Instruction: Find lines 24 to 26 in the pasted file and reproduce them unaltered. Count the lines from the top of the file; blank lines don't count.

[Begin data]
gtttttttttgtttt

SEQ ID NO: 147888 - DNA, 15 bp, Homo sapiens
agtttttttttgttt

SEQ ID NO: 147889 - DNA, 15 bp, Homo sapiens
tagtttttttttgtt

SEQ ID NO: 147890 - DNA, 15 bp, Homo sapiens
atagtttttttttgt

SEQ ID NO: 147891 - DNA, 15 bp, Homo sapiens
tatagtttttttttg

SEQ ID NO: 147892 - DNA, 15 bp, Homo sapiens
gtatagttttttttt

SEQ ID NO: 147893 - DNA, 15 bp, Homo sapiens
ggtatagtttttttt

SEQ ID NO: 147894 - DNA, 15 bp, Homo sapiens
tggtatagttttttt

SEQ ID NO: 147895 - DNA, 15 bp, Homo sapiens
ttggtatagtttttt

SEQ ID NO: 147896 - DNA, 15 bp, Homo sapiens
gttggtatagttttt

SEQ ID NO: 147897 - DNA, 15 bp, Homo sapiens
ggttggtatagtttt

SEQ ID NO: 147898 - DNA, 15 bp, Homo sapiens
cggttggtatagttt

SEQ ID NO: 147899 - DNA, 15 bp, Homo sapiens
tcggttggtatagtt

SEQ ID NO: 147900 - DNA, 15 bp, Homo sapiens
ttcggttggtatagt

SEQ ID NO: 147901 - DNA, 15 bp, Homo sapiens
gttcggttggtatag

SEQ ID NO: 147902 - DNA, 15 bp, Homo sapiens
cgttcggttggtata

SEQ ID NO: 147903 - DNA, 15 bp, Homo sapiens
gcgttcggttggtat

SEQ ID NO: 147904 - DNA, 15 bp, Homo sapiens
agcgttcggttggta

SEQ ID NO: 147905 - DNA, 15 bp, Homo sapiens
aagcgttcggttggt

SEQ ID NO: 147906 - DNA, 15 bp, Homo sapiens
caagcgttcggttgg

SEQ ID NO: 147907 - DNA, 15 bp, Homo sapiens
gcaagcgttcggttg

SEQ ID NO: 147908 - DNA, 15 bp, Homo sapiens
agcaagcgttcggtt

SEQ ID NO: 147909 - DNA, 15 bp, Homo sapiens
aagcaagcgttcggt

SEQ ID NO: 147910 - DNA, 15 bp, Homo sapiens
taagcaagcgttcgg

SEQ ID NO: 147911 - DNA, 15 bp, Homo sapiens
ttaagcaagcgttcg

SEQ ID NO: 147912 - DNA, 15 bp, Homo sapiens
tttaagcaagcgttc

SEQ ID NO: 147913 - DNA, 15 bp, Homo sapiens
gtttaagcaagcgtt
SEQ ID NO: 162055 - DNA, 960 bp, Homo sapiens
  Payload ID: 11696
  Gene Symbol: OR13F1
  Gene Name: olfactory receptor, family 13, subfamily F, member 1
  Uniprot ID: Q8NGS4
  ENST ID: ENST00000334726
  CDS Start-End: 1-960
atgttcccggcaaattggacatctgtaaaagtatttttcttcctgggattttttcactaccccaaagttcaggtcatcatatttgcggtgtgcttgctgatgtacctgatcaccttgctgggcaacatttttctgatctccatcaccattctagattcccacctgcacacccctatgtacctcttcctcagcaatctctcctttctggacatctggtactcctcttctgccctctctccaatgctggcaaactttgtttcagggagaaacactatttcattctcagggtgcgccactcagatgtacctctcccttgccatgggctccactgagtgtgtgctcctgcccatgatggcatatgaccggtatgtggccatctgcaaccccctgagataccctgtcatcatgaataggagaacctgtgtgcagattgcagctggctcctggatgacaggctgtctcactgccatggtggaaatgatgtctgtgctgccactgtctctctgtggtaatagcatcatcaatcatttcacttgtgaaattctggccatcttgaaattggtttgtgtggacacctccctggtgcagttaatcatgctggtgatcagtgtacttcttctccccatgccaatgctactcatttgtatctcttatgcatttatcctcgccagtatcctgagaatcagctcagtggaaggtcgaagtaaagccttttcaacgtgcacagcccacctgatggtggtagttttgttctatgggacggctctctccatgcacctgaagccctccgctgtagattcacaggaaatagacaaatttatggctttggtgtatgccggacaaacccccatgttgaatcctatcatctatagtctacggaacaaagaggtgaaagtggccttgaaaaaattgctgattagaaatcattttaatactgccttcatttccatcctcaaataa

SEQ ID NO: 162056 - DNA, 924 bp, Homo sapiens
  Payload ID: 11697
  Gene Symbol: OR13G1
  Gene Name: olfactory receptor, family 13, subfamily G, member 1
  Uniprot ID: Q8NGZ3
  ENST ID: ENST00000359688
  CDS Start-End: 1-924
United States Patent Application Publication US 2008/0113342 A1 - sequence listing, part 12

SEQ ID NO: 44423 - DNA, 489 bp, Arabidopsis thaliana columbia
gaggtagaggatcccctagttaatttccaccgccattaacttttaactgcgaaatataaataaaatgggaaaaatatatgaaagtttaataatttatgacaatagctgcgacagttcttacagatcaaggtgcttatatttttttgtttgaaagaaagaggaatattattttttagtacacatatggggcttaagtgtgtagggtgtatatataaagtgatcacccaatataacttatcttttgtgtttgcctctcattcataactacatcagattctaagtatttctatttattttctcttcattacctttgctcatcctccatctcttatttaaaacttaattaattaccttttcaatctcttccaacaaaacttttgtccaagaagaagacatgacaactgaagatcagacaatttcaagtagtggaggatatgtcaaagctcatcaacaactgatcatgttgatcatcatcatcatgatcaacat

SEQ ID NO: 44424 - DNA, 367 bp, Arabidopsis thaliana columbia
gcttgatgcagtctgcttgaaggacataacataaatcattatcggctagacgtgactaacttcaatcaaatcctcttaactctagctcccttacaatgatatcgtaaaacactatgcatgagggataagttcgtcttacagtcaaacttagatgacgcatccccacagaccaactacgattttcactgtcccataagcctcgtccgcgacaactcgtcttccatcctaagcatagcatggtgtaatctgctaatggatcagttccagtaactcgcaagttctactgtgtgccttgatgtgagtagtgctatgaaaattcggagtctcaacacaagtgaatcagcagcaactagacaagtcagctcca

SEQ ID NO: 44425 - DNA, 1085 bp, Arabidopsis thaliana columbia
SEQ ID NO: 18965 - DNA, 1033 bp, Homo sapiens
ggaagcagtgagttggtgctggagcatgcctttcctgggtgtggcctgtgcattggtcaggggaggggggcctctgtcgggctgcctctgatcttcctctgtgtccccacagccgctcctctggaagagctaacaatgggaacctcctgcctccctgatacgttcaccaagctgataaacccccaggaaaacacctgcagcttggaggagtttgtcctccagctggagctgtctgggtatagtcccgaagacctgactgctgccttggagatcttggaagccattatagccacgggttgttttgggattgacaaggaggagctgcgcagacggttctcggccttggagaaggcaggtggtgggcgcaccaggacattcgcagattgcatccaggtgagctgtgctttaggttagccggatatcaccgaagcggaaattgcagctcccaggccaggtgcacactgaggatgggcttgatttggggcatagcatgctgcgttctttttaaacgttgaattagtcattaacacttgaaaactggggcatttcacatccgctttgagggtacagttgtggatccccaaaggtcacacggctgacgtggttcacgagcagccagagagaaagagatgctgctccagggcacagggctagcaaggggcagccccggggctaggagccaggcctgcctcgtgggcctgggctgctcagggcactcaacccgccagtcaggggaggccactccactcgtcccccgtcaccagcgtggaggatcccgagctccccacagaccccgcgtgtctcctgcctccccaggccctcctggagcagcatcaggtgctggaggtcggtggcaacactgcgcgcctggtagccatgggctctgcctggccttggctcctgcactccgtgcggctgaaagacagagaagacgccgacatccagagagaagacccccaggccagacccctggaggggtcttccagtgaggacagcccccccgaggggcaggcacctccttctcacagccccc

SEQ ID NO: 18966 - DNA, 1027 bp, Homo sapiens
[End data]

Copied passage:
SEQ ID NO: 147899 - DNA, 15 bp, Homo sapiens
tcggttggtatagtt

SEQ ID NO: 147900 - DNA, 15 bp, Homo sapiens